Overnight at the Most Expensive Alpine Lodge in New Zealand

Can you go glamping and still have an authentic outdoor experience?

The helicopter was already waiting when we finished our hike in the Wilkin Valley. The pilot sat in the cockpit looking at his watch, stern and schedule minded, but not annoyed. We took off from a grassy patch next to Route 6 in Makarora, flew over a large swath of Lake Wanaka, and then turned west over Minaret Bay, over farmland and up into Southern Alps, mountains covered in beech forest and, higher up, with ice. We crested one of the peaks and dropped down into the valley at which point we could just make out a small network of cabins in the distance: Minaret Station, named for three peaks in the range that from the southwest looking northeast resemble the spire and conical crown typically seen atop mosques.

Minaret Station, we’d heard from Crazy Pete and other Kiwis, would be the highlight of our adventure in New Zealand: high living in one of the most beautiful settings on earth, complete with hardcore guides experienced in fly fishing, hunting and hiking. It’s so remote that the only way in or out is by helicopter. But Pete is a loon and I’m a skeptical person — so I was apprehensive. It’s glamping, I thought, and in a pinch I bet an avid outdoorsman could swim the width of Lake Wanaka and then hike in. I wasn’t prepared to buy into the hype. But as our helicopter set down next to the main lodge and we were offered espresso and a plate of charcuterie and cheese in the lodge, my attitude softened.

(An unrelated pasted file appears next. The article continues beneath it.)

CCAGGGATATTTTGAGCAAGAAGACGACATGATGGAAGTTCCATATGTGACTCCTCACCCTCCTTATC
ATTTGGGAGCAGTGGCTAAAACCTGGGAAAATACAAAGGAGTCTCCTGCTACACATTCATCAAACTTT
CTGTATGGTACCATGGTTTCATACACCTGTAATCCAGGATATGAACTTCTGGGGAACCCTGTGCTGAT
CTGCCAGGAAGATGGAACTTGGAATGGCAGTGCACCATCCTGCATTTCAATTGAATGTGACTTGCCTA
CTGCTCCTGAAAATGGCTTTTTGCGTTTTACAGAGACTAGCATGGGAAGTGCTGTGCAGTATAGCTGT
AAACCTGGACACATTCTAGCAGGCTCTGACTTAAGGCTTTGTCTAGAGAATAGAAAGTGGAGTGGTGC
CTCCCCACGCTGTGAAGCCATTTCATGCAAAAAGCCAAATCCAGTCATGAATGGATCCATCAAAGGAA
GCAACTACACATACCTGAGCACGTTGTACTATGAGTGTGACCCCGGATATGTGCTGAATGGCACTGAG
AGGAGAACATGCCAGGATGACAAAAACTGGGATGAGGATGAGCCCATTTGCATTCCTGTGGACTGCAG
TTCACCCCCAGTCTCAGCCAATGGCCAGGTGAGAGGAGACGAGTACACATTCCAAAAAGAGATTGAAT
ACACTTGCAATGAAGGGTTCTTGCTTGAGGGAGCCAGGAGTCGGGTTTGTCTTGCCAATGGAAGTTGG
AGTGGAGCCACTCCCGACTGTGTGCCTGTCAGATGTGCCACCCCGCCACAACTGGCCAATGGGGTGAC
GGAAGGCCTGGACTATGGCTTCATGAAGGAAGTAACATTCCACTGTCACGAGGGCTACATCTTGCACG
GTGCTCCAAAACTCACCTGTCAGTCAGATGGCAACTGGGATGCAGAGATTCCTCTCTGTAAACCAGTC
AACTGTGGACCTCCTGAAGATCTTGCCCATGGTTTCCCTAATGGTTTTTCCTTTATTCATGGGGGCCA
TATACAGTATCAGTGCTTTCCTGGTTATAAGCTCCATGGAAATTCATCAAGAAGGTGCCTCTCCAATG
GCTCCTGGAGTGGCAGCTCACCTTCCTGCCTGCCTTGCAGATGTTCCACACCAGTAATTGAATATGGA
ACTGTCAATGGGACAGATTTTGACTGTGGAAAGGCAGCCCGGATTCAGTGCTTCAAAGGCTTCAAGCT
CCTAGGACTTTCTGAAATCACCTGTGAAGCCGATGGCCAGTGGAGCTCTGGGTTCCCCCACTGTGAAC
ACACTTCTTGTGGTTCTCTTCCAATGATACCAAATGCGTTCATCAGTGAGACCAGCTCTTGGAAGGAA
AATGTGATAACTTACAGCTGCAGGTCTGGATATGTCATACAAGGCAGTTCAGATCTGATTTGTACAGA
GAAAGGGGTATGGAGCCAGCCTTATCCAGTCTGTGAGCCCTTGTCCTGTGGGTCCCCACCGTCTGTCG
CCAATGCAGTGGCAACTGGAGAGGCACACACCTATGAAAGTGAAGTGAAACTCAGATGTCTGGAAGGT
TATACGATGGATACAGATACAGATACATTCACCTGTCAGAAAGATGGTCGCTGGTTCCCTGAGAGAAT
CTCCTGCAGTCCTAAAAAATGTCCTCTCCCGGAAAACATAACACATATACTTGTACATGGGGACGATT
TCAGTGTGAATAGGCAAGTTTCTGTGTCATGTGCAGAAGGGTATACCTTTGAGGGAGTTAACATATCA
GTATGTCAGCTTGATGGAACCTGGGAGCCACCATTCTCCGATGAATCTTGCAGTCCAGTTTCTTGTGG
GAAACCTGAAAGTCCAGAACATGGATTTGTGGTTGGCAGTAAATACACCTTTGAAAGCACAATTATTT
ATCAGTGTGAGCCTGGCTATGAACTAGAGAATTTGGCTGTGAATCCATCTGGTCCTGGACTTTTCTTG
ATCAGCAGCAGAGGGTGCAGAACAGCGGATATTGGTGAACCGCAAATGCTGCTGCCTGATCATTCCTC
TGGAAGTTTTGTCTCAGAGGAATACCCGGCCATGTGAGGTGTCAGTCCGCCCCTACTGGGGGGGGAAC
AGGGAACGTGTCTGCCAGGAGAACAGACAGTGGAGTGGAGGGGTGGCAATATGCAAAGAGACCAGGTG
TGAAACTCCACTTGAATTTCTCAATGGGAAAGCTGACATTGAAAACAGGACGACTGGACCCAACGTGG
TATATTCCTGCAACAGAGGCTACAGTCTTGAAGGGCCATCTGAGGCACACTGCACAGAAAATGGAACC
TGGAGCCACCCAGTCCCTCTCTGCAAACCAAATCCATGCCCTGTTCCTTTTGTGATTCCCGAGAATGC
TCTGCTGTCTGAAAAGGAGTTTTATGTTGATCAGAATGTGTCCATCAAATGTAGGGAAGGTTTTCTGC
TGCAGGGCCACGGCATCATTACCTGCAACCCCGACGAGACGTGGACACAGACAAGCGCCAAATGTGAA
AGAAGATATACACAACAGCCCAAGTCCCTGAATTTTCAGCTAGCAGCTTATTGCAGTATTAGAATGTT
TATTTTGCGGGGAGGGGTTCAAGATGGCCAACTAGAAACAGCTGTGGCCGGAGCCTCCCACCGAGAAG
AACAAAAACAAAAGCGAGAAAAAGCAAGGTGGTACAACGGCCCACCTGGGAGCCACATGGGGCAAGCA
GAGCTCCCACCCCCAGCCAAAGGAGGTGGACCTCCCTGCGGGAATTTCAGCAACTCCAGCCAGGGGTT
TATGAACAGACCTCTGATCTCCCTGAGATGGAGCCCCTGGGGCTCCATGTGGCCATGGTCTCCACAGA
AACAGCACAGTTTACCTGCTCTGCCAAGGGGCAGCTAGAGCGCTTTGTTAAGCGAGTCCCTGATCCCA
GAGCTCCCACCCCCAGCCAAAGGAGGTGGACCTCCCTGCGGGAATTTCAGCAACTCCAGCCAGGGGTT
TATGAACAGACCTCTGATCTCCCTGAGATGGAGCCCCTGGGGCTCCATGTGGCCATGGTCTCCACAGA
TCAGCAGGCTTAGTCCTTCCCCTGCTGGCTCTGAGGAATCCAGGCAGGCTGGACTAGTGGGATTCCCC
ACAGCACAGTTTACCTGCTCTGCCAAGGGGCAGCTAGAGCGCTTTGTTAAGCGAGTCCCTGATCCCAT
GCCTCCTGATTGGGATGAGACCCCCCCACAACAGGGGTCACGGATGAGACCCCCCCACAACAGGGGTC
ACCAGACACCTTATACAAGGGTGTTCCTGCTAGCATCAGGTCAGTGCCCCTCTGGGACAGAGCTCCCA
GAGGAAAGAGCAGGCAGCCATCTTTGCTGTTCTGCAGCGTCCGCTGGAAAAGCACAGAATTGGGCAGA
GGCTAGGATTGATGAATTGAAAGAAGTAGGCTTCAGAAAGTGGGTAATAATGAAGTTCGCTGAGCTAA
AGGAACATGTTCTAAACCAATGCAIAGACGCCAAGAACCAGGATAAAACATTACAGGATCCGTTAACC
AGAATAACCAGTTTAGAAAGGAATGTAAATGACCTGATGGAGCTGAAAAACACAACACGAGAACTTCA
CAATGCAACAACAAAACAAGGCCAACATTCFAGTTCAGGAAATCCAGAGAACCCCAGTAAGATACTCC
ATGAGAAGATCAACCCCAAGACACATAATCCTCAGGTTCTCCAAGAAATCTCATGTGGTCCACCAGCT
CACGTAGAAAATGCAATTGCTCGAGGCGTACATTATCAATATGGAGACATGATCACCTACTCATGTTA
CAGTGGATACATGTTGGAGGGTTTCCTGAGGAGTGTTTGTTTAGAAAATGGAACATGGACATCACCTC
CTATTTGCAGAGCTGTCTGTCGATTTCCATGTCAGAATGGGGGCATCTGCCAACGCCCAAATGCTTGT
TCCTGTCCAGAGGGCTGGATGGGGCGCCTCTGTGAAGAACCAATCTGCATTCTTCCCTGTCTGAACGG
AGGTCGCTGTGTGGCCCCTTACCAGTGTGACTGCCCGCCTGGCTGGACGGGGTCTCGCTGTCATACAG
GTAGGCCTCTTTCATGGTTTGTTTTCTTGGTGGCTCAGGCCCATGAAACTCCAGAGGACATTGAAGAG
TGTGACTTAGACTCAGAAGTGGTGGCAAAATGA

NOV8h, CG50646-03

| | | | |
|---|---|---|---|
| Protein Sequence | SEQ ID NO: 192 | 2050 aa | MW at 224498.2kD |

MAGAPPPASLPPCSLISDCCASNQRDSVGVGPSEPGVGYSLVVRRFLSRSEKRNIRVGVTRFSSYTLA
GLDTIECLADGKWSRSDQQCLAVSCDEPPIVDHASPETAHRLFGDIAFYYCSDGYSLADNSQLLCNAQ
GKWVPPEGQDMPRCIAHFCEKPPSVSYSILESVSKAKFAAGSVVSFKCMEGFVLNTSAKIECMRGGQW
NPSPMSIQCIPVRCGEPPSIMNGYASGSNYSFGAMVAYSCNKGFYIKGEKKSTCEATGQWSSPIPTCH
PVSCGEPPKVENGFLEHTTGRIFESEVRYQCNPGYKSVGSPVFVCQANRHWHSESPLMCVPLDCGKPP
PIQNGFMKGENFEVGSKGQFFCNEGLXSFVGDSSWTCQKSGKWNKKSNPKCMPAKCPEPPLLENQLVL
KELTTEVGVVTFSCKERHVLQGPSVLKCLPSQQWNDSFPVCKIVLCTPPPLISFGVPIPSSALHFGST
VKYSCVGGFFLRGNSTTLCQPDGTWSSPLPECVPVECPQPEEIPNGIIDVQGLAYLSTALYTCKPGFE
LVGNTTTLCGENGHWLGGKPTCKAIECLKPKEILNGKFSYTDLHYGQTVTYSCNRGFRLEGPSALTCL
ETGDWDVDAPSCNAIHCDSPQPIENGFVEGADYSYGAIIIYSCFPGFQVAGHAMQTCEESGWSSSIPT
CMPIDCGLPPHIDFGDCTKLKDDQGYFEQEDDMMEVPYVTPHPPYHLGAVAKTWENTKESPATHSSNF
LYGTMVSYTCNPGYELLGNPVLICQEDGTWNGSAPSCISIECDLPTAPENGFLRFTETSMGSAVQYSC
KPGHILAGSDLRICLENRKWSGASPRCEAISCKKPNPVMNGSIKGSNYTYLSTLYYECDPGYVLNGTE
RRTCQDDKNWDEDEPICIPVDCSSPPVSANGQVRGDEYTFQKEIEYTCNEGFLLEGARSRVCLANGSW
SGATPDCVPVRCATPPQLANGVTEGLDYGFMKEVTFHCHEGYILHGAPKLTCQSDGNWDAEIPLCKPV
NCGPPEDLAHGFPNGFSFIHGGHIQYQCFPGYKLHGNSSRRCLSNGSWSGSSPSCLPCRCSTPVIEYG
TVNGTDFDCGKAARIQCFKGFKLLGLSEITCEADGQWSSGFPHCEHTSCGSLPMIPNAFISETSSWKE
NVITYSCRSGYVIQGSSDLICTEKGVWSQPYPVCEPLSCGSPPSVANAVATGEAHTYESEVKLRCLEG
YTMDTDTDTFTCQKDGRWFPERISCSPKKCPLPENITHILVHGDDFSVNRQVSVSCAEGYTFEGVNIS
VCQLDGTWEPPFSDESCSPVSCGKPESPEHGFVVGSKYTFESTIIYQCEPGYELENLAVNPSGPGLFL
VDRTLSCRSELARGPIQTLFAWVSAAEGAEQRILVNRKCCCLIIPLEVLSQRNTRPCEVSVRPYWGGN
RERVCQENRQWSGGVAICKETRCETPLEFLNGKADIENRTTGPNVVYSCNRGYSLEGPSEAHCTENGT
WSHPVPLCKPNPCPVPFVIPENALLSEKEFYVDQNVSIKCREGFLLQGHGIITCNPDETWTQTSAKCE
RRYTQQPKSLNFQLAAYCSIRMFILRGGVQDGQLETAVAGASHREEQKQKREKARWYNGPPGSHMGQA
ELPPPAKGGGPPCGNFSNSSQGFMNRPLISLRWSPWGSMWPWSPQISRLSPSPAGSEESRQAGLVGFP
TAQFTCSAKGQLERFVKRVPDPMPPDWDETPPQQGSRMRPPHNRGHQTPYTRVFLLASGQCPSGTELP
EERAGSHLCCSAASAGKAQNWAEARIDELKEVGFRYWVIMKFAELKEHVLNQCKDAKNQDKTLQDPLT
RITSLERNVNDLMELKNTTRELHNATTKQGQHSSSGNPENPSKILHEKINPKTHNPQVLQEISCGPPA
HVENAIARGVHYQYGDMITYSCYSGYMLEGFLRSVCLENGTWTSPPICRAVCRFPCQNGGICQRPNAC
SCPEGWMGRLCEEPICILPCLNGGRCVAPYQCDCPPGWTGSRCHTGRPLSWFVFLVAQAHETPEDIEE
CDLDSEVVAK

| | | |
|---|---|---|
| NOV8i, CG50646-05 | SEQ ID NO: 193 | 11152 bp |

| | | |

Located just east of Mount Aspiring National Park in the South Island, Minaret is arguably the most exclusive — and certainly one of the most expensive — accommodations in New Zealand. The property has just four rooms, known here as alpine chalets, which amount to luxury structures (two tents, two with hard walls) complete with lush beds, sheepskin carpets, a spacious bathroom, a private deck with a hot tub and some standard amenities like a Nespresso machine and mini bar (the water is bottled right from the nearby waterfall). They’re anchored by one central cabin with an open kitchen, dining room and lounge area. One night here costs NZ$2,000 ($1,515), plus the mandatory NZ$1,800 ($1,363) per person for the helicopter transfer from nearby Wanaka or Queenstown. Guests here don’t balk at a $10,000 long weekend.

“They would fly a helicopter along the side of the mountain”, Wallis says. “Then someone would jump out, grab a deer and roll around on the ground until one of them won.”

Kiwis, though, are known for their pragmatism and “can-do” attitude. It’s described colloquially as the “number 8 wire mentality”, taking after a gauge of wire used on farms and ranches — known as “stations” when they’re in high country, like here — to fix pretty much anything. And that attitude seems to apply to other areas of life. There aren’t a lot of boutique or five-star luxury hotels in Auckland, Wellington or Queenstown; what few exist aren’t on the same level you’d find in major cities elsewhere. We didn’t see a lot of designer clothes, expensive cars or restaurants with tasting menus. Measured by the amount of extravagance, it’s just not a very luxurious place.